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*Pic: of drilling for oil. Flickr, Bureau of Land Management

First published July 7

With far reaching insight and in-depth research The Great Australian Minerals & Energy Resources Rip-Off chronicles decades of government mismanagement of Australia’s resources up to the present day.

Energy undoubtedly ranks as one of the most critical issues of our time, The Great Australian ... focuses on oil as a strategic resource; alternatives to oil; dirty oil; gas; depletion; ‘perpetual boots on the ground for oil’; global oil industry history; the oil, gas & mineral resources revenue rip-off; taxation and sustainability; the 100% renewable economy; climate, environment and health.

The Australian Government’s 2017 Finkel Review recommends Hydrogen based technologies be included in Australia’s National Electricity Market future. The zero emissions Hydrogen Economy is based on power supplied by splitting water to obtain hydrogen gas, producing electricity to power cars, buildings, industry, homes and transport, and now commercially available worldwide as an alternative to all fossil fuels. Both hydrogen and biofuels are included in the Finkel Review’s recommendations and commercially available technologies and CSIRO developments covered in detail, including where to buy.

The hidden reasons behind the dismissal of the Whitlam Government and its attempts to introduce the same oil resource and revenue reforms as those introduced in Norway and the UK at that time, and which were blocked in Australia by the Liberals. Had Whitlam been successful, Australia would be enjoying far greater revenue returns than we do today as well as gas piped from the NW Shelf to the east coast. The 1975 invasion and twenty-five year illegal occupation of Timor-Leste (East Timor) and war crimes and the oil motive are covered in detail. Geological evidence is included which establishes that Australia laid claim to oil and gas resources in the Timor Sea, located on Timor-Leste’s side of a theoretical midway sea-bed boundary, on the grounds that these lay on Australia’s continental shelf.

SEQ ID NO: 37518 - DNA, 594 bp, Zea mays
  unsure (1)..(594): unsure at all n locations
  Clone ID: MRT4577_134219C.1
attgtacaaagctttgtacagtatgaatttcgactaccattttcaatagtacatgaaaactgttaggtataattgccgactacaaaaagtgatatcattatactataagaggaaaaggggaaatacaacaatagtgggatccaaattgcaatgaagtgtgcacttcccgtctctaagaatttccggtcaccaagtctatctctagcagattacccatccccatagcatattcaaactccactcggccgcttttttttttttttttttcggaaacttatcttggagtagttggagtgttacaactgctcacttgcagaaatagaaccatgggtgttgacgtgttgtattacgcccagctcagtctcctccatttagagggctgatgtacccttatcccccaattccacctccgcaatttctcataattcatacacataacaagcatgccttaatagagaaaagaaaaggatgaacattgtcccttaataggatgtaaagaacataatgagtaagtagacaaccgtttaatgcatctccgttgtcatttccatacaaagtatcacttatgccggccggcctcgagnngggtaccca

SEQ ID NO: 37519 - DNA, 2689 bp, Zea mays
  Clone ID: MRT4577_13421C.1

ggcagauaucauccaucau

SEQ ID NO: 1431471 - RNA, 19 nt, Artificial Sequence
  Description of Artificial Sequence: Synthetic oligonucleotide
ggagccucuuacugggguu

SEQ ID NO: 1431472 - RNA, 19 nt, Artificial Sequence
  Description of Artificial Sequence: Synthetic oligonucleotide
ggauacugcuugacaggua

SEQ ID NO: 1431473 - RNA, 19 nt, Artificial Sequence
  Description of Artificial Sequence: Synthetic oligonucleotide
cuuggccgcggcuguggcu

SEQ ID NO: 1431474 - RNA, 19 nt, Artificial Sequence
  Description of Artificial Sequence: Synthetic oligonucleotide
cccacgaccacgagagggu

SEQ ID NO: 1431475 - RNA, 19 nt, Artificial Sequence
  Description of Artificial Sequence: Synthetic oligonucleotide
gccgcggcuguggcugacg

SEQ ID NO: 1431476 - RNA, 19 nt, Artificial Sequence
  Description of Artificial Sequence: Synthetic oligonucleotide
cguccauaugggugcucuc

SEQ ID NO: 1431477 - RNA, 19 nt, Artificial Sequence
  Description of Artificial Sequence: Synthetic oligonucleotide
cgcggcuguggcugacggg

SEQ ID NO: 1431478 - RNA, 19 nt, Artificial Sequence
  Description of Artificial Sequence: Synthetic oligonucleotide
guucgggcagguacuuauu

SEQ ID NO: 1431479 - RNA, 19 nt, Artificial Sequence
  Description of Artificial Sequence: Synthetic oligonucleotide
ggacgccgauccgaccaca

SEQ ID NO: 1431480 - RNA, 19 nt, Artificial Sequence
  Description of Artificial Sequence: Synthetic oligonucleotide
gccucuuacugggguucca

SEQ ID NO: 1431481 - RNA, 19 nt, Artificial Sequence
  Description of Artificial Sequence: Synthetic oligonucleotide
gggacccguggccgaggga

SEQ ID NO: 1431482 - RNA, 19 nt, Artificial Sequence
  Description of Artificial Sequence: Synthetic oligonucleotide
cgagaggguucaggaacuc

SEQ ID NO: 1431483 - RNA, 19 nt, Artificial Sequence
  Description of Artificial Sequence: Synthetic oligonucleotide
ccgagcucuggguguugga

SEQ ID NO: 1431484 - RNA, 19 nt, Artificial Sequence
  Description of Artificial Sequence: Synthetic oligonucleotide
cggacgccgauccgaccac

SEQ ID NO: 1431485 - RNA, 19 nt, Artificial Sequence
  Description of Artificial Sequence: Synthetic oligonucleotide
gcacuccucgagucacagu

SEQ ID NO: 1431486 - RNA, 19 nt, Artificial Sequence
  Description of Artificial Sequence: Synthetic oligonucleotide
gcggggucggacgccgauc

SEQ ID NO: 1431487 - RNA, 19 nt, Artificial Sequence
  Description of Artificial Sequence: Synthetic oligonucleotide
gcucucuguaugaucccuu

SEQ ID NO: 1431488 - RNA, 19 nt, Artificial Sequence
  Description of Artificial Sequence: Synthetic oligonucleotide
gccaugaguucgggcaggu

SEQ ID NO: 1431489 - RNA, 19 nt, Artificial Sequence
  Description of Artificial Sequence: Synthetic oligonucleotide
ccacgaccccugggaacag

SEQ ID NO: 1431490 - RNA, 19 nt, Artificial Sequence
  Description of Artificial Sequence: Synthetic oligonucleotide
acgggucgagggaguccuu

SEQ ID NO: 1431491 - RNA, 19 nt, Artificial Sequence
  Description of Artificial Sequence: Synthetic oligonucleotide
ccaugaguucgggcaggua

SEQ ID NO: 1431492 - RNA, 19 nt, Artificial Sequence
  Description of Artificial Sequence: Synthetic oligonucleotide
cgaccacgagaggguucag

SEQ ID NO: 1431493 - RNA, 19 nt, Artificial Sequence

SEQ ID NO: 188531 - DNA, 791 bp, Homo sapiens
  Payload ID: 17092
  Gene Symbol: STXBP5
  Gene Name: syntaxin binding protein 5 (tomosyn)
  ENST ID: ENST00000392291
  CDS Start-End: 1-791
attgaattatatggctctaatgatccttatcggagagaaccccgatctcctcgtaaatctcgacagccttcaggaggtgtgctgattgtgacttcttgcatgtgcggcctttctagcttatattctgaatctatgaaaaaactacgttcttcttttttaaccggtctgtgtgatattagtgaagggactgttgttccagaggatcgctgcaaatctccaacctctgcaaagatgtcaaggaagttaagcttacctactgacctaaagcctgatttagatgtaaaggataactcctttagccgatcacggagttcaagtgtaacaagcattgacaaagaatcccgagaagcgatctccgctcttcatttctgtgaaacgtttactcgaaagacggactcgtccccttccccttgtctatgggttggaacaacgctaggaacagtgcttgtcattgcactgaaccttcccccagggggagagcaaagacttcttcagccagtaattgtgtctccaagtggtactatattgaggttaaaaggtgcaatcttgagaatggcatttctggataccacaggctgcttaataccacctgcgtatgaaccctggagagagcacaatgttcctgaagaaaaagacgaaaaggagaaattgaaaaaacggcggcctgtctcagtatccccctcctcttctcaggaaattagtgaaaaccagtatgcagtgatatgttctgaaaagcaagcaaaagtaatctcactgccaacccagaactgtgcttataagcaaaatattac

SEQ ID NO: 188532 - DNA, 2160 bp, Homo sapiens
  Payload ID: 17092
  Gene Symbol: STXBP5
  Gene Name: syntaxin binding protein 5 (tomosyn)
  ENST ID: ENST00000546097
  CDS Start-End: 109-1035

Geological evidence including satellite imagery (included in the chapter) establishes that these resources lie on the land bridge which connects Australia to PNG, contrary to the legal requirement under the related International Law which requires that for Australia’s sea-bed boundary claim to be lawful it must be based on a claim on Australia’s “continental shelf”.

The legal implication is that the Treaty between Australia and Timor-Leste was void at inception and Timor-Leste is owed substantial compensation.

And particularly within the context that Timor-Leste had just begun to recover from war crimes and occupation when Australia effectively ‘pounced’, with a deal in writing intended to commit a still reeling Timor-Leste to a deal which was not in Timor-Leste’s interests. Australia’s justification that the East Timorese people were supposedly communist is overturned on evidence now available in declassified US documents from the period and in 2012 former Australian Prime Minister Tony Abbott admitted that “securing oil supplies” was the real motive. Published oil industry evidence supports this admission.

Secrets included reveal the key role played by Australia’s university-based and government geologists responsible for the discovery of 95% of Australia’s offshore oil and gas resources, and more. ‘On the books’ discoveries were handed to overseas corporates free of charge, in addition to US and corporate influence on Australian Government policy and legislation negotiated as backroom deals for exploration permits covering these same resources.

The Liberal Party Machine and looking after the big end of town: the oil industry and relevantly the OECD’s solutions to the growing gap between rich and poor. The OECD reports Australia is one of the worst offenders in this area and that the growing gap between rich and poor itself, reduces growth.

*Janis Embury is a qualified science journalist, with additional qualifications and experience, in law, renewables, sustainability and with an investigative specialization in global oil, renewables, climate change, history and law.

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